“The only realistic leverage the players have is their star power, because on the legal side there’s not much they can do,” said Mark Conrad, who teaches sports law at the Gabelli School School of Business at Fordham University in Manhattan. “Football is also tantamount to religion for a lot of fans and they want to see football, so I don’t know how effective these tweets will be.”
The N.F.L.’s chief medical officer, Allen Sills, said that there was little daylight between the league and the union when it came to safety protocols. The two sides agreed that players would be tested every day for the first two weeks, then every other day. If more than 5 percent of tests are positive in the first two weeks, teams will continue testing every day.
But he warned that tests were not perfectly accurate and that additional measures — protective equipment, social distancing and contact tracing — were also needed.
“We know that we can’t eliminate risk, but we’re trying to mitigate risk for everyone,” Sills said. “We can’t test our way to safety.”
Despite the precautions, at least one team has decided that it needs more time to prepare to practice. The Miami Dolphins, who play in South Florida, where infections are rising rapidly, told their rookies to report on Thursday, two days later than most teams.
Some players have accused the team owners of prioritizing the league’s finances over all else. One former team executive, Amy Trask, said that the league’s decision to stick to its schedule spoke more to its confidence that it would ultimately find solutions than to a cavalier attitude about player safety.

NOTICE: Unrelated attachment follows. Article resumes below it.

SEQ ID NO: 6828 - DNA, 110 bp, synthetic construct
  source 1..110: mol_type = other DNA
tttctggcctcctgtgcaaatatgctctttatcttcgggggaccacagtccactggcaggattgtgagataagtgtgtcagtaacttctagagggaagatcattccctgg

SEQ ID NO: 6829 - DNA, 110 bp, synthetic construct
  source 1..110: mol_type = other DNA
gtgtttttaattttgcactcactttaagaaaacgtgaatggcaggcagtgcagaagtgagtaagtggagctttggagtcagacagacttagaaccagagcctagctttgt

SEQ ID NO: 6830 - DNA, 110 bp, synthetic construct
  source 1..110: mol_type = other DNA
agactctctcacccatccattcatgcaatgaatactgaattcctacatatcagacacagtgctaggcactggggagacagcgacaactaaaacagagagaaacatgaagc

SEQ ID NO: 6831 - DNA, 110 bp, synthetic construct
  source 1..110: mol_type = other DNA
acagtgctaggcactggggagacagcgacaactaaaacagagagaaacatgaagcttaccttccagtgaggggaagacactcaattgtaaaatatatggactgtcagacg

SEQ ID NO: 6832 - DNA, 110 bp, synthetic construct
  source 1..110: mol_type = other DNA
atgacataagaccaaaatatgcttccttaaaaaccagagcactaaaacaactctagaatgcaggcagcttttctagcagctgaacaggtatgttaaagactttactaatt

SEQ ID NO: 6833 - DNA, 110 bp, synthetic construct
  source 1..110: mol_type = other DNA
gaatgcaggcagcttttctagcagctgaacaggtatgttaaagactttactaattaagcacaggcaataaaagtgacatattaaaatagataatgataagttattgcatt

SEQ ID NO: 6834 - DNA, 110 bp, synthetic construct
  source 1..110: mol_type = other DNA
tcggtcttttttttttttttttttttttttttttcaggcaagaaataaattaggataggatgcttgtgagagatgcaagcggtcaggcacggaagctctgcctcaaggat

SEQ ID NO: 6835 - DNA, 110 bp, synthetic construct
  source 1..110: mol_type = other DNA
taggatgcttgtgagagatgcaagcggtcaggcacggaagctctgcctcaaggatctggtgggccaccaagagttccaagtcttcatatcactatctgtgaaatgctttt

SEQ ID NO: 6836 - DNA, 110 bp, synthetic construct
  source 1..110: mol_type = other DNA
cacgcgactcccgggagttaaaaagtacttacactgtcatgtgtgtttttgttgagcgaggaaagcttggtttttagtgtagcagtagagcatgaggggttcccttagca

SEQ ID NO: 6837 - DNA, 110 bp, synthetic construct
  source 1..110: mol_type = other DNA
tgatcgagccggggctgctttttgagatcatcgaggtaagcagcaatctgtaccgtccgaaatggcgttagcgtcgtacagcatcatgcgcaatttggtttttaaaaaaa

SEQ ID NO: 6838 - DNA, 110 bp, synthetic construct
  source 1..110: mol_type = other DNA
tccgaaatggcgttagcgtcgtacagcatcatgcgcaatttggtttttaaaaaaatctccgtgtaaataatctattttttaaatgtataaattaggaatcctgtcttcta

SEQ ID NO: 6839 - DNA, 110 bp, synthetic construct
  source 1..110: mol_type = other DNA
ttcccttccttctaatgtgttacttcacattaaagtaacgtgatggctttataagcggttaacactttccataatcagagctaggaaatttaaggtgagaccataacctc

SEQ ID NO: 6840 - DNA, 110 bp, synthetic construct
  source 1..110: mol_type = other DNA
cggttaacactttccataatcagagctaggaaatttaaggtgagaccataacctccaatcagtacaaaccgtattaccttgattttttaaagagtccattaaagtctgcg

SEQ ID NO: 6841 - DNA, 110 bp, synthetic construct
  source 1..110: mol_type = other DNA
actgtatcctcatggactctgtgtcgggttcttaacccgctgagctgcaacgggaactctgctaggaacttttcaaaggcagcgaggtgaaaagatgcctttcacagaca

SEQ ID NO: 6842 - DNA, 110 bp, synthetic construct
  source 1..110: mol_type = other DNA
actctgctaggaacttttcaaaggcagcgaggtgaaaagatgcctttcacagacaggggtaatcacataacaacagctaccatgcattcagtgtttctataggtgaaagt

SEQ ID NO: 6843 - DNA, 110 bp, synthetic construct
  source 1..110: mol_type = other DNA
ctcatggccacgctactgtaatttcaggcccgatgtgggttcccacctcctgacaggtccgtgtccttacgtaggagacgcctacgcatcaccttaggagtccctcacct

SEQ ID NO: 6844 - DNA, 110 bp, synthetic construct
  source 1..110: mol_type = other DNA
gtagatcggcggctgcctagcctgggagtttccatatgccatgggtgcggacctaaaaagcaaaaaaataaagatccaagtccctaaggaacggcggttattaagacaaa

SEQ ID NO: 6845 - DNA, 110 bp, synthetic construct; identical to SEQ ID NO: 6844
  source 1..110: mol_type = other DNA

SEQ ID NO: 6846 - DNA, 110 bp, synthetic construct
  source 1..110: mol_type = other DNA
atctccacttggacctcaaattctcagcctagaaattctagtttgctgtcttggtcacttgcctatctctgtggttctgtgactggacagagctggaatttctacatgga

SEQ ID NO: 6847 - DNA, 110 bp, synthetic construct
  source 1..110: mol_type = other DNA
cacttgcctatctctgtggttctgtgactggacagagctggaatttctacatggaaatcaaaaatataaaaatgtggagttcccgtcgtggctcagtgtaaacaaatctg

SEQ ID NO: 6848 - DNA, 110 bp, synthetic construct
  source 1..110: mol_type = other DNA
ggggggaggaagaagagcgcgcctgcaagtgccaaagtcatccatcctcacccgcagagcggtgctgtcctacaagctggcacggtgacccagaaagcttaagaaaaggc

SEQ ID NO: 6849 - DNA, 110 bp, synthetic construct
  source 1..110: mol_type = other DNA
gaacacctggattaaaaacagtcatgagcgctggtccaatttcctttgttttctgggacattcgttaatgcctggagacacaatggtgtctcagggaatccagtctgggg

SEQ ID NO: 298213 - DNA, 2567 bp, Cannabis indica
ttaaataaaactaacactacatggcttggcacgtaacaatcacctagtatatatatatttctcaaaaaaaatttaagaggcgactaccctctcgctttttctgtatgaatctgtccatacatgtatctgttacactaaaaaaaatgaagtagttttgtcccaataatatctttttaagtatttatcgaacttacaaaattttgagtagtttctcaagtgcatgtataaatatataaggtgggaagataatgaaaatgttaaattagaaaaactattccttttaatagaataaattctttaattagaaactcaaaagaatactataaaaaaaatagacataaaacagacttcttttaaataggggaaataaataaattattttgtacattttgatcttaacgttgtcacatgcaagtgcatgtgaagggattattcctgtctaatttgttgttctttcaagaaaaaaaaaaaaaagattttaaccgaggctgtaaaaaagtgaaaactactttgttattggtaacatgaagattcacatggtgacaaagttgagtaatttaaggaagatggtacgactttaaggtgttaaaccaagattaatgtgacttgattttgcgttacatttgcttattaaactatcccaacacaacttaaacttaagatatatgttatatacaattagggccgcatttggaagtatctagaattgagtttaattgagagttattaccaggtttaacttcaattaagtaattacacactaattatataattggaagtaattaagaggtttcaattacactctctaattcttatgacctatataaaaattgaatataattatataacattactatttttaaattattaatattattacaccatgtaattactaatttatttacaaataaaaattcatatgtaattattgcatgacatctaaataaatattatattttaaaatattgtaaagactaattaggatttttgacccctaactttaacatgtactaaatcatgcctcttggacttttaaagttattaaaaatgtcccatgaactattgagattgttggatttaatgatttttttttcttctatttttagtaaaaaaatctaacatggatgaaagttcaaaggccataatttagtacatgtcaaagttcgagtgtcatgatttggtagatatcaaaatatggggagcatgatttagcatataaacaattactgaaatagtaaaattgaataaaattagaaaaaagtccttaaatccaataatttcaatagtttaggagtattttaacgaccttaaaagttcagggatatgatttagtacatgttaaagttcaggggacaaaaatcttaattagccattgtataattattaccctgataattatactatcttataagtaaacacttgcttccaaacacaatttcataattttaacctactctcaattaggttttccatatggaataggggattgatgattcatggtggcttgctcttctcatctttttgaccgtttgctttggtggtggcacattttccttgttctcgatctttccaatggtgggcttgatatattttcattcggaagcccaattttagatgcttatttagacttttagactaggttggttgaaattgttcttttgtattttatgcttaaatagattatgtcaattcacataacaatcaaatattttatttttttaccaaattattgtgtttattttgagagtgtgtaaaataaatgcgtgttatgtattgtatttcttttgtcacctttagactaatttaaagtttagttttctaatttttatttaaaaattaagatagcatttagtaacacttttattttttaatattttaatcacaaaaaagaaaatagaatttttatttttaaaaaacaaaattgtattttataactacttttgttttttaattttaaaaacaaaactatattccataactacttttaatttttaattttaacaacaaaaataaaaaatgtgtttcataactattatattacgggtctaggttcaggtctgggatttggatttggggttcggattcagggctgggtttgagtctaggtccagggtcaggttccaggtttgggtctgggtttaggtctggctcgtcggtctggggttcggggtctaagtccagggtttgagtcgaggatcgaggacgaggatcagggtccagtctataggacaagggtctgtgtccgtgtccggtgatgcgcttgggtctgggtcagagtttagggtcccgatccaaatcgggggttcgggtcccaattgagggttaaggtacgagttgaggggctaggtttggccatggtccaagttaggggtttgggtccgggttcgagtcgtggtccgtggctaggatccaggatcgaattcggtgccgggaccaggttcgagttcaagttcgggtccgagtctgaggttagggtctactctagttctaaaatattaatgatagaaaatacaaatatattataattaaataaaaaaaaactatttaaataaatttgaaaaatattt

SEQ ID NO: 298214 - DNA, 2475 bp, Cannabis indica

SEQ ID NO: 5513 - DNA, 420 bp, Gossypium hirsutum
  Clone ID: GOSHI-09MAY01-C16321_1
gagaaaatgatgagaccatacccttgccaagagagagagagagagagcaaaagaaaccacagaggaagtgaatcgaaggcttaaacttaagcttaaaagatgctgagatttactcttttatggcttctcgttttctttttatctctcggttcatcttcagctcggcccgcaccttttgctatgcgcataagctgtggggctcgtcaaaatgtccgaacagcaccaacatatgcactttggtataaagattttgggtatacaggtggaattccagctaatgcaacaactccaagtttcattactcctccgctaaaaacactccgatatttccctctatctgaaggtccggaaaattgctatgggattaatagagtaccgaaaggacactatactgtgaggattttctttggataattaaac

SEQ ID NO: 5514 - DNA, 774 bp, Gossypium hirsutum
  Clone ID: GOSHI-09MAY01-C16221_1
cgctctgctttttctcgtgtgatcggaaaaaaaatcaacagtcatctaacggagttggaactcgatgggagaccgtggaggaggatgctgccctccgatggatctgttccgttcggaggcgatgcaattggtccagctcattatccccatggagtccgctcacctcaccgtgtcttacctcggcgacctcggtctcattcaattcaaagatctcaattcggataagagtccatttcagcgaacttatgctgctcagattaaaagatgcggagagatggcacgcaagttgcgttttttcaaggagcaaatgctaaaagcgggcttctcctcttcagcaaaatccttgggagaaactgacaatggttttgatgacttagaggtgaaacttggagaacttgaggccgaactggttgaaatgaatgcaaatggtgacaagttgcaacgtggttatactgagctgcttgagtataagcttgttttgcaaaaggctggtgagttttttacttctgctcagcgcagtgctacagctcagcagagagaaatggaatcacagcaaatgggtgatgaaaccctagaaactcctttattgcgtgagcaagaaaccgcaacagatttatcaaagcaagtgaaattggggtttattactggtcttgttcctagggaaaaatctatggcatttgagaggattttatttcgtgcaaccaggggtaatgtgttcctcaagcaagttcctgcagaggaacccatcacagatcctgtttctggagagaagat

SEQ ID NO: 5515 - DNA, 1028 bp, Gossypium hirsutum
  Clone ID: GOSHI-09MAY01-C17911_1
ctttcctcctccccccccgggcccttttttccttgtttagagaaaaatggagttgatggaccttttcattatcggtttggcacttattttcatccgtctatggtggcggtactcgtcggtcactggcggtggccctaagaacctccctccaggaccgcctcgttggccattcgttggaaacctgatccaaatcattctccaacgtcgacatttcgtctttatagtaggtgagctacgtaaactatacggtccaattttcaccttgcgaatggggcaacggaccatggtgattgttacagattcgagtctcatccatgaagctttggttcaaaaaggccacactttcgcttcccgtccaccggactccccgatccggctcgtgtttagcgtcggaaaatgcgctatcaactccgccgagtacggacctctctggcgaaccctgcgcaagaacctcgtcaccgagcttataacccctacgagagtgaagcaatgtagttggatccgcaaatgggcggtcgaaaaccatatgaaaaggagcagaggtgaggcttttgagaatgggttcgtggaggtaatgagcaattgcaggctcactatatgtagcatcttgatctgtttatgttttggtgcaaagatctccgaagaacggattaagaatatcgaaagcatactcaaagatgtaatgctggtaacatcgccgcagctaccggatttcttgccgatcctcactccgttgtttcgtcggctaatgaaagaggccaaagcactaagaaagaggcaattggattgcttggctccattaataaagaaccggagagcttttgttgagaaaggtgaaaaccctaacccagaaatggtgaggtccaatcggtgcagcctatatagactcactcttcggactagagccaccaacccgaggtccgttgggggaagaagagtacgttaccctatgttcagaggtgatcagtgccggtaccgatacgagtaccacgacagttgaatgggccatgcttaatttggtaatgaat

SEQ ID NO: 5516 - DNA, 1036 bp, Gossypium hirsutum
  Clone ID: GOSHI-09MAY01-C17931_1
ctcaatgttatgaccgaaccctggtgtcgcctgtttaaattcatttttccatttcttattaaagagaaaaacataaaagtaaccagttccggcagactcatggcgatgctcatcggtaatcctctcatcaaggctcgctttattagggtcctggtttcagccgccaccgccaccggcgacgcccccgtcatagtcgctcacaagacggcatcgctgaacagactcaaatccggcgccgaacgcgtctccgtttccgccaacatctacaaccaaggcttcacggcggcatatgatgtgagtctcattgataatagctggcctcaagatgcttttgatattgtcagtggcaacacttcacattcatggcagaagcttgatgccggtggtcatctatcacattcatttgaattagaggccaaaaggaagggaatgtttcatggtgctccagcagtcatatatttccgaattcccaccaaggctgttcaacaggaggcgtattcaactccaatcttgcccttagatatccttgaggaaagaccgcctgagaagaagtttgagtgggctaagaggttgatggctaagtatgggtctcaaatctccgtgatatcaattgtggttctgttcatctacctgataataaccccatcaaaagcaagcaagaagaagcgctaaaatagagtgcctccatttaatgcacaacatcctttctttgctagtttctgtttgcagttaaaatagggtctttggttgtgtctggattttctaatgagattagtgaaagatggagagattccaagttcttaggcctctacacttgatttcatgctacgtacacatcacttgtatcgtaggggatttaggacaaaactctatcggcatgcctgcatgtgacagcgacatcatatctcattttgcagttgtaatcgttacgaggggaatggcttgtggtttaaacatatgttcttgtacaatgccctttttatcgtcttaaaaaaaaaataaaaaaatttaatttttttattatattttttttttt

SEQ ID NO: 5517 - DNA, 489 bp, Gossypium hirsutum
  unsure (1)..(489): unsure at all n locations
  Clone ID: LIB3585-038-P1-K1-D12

“Of course, economics play a big part of it,” said Trask, the longtime president of the Raiders who left the club in 2013. “But from a business perspective, I don’t think the outlook of team owners is ‘We’re tough,’ but ‘We’re smart.’”
While the two sides wrangle over safety measures, they are also negotiating over a second pressing matter: how to offset the loss of revenue from having a limited number or no fans in stadiums this season. The owners proposed keeping 35 percent of players’ salaries in escrow as a way to recoup that money as quickly as possible. That was a nonstarter for the union, which prefers to absorb the losses by lowering the salary cap, which is the maximum teams can pay players, over as many as 10 years.
“We know that players are taking all of the risk by returning to work,” the union said in a statement last week. “We also know there will be a shortfall in revenues next year, but players cannot be asked to bear the full brunt of both the health and safety risk and the financial one.”
The financial formula, though, does not need to be agreed on by the start of training camp. The more pressing matter for the players is how to safely start the season. In addition to the coronavirus, they are concerned about a possible spike in injuries after a long layoff. They point to 2011, when players were locked out by the owners during the off-season and sustained a rash of injuries during training camp.
While the N.B.A., the W.N.B.A., Major League Soccer and the N.W.S.L. have all resumed their seasons by quarantining their players in enclosed communities, Major League Baseball and the N.F.L. have chosen to let players return to their homes at night after training, increasing their risk of exposure to the virus.
The league and its players will soon find out whether the protections in place are enough, or whether more steps will be needed to keep the schedule on track.
“Every decision we make this year should be done through a medical lens,” said J.C. Tretter, a center on the Cleveland Browns and the president of the union. “No one can wish this away.”